Controversial Maricopa County Sheriff Joe Arpaio has been officially charged with criminal contempt of court and his trial is set to begin on December 6 in Phoenix, Arizona.
According to AZCentral, criminal-contempt charges have loomed over Arpaio since 2015 for violating a federal judge’s order to stop enforcing civil immigration laws.
The threat of criminal prosecution became increasingly likely after a prolonged series of hearings last year. A federal judge’s finding of civil contempt came in May 2016, followed by his referral for criminal prosecution in August, followed by the Department of Justice’s announcement on Oct. 11 that its attorneys would, in fact, prosecute the six-term lawman.
U.S. District Judge Susan Bolton, who signed the agreement Tuesday, previously agreed that a maximum penalty of six months in jail would be appropriate for the 84-year-old sheriff if he is convicted.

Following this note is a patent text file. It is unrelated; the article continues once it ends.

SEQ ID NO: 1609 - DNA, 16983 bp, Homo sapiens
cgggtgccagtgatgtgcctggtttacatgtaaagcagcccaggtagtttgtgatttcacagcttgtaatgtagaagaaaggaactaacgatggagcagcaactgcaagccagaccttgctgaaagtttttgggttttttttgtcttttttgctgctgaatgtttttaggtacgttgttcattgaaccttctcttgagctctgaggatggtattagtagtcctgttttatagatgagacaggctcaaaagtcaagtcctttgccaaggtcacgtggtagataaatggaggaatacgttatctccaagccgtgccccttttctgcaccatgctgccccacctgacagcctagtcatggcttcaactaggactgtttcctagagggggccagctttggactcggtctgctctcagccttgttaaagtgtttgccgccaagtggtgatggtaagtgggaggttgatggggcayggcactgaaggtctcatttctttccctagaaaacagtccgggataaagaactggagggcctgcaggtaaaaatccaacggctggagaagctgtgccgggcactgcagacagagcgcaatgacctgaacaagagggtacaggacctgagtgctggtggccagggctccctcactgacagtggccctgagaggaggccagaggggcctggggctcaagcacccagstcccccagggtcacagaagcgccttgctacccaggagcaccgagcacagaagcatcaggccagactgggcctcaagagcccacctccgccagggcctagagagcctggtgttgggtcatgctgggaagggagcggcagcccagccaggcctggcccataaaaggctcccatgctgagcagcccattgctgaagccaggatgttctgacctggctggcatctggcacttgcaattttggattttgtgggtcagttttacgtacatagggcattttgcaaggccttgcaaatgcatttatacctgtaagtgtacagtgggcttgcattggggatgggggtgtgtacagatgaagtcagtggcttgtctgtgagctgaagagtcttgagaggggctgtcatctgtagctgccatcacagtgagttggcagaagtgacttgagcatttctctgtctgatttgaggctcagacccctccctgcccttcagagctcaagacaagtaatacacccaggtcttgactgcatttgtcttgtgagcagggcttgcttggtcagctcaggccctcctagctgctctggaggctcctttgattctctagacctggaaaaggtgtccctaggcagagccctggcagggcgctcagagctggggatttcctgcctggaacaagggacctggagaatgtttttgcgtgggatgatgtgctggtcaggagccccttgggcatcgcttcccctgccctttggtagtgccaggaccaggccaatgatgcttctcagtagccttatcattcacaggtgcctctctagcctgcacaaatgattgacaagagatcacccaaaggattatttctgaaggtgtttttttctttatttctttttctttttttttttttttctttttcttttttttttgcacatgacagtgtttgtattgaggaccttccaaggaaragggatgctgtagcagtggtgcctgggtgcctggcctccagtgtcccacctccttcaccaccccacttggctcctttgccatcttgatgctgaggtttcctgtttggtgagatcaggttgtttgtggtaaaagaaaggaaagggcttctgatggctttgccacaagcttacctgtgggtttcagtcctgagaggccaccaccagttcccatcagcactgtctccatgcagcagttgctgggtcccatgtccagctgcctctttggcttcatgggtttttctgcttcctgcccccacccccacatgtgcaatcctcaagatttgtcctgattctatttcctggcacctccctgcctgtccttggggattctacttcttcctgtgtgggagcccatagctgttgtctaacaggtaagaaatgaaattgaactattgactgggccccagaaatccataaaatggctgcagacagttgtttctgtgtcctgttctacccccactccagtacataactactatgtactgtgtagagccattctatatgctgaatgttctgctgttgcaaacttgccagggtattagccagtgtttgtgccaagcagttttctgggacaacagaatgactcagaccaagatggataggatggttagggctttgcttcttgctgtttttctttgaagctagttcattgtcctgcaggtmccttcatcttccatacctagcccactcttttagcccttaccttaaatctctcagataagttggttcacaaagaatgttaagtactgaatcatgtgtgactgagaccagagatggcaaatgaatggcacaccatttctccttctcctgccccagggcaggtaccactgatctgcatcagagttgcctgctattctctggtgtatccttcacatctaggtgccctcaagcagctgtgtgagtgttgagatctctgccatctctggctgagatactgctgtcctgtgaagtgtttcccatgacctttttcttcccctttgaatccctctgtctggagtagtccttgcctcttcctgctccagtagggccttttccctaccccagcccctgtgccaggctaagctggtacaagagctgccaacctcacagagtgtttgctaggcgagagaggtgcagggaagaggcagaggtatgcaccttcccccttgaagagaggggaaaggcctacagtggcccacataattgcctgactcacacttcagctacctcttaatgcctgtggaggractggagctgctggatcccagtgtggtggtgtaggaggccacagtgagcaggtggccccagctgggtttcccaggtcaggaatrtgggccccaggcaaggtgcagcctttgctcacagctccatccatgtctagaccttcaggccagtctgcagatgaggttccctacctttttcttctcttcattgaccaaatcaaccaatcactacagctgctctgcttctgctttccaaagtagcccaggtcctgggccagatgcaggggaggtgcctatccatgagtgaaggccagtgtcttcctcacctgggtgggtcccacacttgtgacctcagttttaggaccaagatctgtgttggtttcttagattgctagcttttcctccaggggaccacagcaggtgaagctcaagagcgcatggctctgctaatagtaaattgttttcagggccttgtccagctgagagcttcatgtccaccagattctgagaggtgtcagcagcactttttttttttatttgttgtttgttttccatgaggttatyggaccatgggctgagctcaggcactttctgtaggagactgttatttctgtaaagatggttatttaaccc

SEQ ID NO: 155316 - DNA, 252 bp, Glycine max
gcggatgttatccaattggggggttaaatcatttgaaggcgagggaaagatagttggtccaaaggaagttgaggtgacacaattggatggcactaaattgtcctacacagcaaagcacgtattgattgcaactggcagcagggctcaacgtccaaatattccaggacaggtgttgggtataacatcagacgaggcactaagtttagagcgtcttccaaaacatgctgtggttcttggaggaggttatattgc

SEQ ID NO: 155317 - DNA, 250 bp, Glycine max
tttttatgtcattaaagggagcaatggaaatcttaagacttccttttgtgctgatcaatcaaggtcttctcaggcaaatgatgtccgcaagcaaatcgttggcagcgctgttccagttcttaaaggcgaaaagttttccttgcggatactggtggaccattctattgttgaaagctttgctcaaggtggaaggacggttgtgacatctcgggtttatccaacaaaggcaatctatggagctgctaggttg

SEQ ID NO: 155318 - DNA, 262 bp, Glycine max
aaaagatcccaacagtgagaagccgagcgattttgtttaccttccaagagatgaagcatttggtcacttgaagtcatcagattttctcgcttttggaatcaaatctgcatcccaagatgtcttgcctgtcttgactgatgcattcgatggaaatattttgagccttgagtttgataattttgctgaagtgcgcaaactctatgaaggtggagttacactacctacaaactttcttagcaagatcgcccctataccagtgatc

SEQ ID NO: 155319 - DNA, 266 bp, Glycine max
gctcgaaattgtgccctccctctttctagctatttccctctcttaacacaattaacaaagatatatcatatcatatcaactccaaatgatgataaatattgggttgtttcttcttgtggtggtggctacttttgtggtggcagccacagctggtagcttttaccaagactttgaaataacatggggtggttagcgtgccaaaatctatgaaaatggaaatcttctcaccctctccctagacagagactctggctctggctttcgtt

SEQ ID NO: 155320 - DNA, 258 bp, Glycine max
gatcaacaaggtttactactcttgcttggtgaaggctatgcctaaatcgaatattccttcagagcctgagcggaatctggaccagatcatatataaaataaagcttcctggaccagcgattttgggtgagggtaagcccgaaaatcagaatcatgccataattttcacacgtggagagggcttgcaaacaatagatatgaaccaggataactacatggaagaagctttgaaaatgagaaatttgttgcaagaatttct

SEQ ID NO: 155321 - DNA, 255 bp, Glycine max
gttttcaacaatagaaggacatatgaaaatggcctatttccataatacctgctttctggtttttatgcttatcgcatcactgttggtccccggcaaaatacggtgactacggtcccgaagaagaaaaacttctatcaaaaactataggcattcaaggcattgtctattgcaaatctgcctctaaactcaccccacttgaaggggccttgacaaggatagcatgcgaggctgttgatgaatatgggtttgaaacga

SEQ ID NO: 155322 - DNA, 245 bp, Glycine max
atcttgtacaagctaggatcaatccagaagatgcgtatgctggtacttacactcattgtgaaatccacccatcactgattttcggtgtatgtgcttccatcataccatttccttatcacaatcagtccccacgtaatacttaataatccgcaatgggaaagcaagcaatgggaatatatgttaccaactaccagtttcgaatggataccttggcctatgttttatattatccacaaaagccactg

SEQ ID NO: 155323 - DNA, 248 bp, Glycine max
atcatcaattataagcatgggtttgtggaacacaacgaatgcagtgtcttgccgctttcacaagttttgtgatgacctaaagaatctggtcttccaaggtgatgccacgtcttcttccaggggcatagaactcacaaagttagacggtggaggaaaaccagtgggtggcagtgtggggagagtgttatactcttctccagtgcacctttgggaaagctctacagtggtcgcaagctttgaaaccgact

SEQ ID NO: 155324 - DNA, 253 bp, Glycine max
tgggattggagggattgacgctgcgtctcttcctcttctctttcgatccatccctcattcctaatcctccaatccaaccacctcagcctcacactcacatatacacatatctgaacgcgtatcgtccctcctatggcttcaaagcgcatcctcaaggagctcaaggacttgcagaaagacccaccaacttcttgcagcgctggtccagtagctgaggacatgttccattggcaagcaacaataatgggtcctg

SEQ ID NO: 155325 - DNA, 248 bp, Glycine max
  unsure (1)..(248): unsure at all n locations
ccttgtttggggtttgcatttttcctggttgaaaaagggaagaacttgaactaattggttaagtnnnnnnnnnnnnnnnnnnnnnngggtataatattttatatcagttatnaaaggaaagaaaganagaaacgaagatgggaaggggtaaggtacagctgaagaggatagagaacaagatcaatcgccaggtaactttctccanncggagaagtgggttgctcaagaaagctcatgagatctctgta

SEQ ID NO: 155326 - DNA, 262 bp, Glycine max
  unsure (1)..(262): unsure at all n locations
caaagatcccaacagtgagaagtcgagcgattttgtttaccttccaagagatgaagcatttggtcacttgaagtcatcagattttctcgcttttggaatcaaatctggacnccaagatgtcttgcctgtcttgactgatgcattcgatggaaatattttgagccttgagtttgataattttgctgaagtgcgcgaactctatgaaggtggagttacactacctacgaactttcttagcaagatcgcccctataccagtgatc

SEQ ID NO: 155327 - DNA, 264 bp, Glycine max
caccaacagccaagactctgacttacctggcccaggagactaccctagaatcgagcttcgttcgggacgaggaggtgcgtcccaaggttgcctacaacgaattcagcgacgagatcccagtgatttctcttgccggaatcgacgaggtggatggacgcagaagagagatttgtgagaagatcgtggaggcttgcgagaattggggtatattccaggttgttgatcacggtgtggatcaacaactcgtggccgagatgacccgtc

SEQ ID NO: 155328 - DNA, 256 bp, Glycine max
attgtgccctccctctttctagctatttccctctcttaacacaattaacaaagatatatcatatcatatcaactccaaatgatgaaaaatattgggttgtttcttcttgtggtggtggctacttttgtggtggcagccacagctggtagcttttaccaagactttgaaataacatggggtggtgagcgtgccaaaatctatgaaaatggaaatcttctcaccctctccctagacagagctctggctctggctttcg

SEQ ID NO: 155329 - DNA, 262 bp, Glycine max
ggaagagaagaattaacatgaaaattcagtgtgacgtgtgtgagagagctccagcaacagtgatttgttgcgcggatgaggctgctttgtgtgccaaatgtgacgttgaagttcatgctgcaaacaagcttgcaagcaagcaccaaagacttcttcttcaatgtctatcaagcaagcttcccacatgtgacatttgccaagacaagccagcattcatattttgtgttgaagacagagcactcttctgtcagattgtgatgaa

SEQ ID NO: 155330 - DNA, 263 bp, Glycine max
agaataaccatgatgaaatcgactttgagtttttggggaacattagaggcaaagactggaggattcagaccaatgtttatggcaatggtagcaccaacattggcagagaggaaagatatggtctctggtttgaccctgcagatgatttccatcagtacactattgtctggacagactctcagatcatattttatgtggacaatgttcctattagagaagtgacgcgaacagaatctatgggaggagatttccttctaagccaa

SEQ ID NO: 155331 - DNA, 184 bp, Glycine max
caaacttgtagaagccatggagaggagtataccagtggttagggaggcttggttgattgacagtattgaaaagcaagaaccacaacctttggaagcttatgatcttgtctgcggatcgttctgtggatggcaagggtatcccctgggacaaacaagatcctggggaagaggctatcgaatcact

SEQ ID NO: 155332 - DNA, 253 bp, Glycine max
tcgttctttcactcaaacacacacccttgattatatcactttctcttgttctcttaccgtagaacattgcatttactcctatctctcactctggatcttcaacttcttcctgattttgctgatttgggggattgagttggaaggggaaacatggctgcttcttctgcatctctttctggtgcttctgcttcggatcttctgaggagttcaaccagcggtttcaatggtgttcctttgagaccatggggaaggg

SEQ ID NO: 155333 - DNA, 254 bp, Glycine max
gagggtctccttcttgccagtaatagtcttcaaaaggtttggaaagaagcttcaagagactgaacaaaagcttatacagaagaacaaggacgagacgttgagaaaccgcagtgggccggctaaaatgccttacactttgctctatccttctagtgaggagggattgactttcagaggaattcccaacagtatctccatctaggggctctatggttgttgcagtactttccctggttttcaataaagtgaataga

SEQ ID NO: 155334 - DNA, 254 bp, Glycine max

— The Daily Beast (@thedailybeast) October 26, 2016
The charges come from a 9-year-old racial-profiling case against Arpaio’s office alleging that his signature immigration patrols violated the constitutional rights of Maricopa County’s Latino community.
In December 2011, months before the trial was to begin, U.S. District Judge G. Murray Snow issued a preliminary injunction over the Sheriff’s Office. The order banned deputies from detaining anyone solely on suspicion they were undocumented immigrants, and without cause to believe a crime had been committed.
In May 2013, Snow officially determined the office had racially profiled Latinos. The following months would introduce multi-million-dollar reforms to the Sheriff’s Office, including anti-bias training, recording devices for deputies, and a court-appointed monitor to ensure the agency followed the letter of the law.
But Arpaio’s officers continued to enforce the practice even after the judge’s preliminary order. Arpaio’s attorney didn’t deny the violations were happening but instead claimed they were unintentional.
This summer, Snow had recommended three separate criminal charges for Arpaio, but DOJ prosecutors have only chosen to pursue one. Arpaio may also face a charge of obstruction of justice.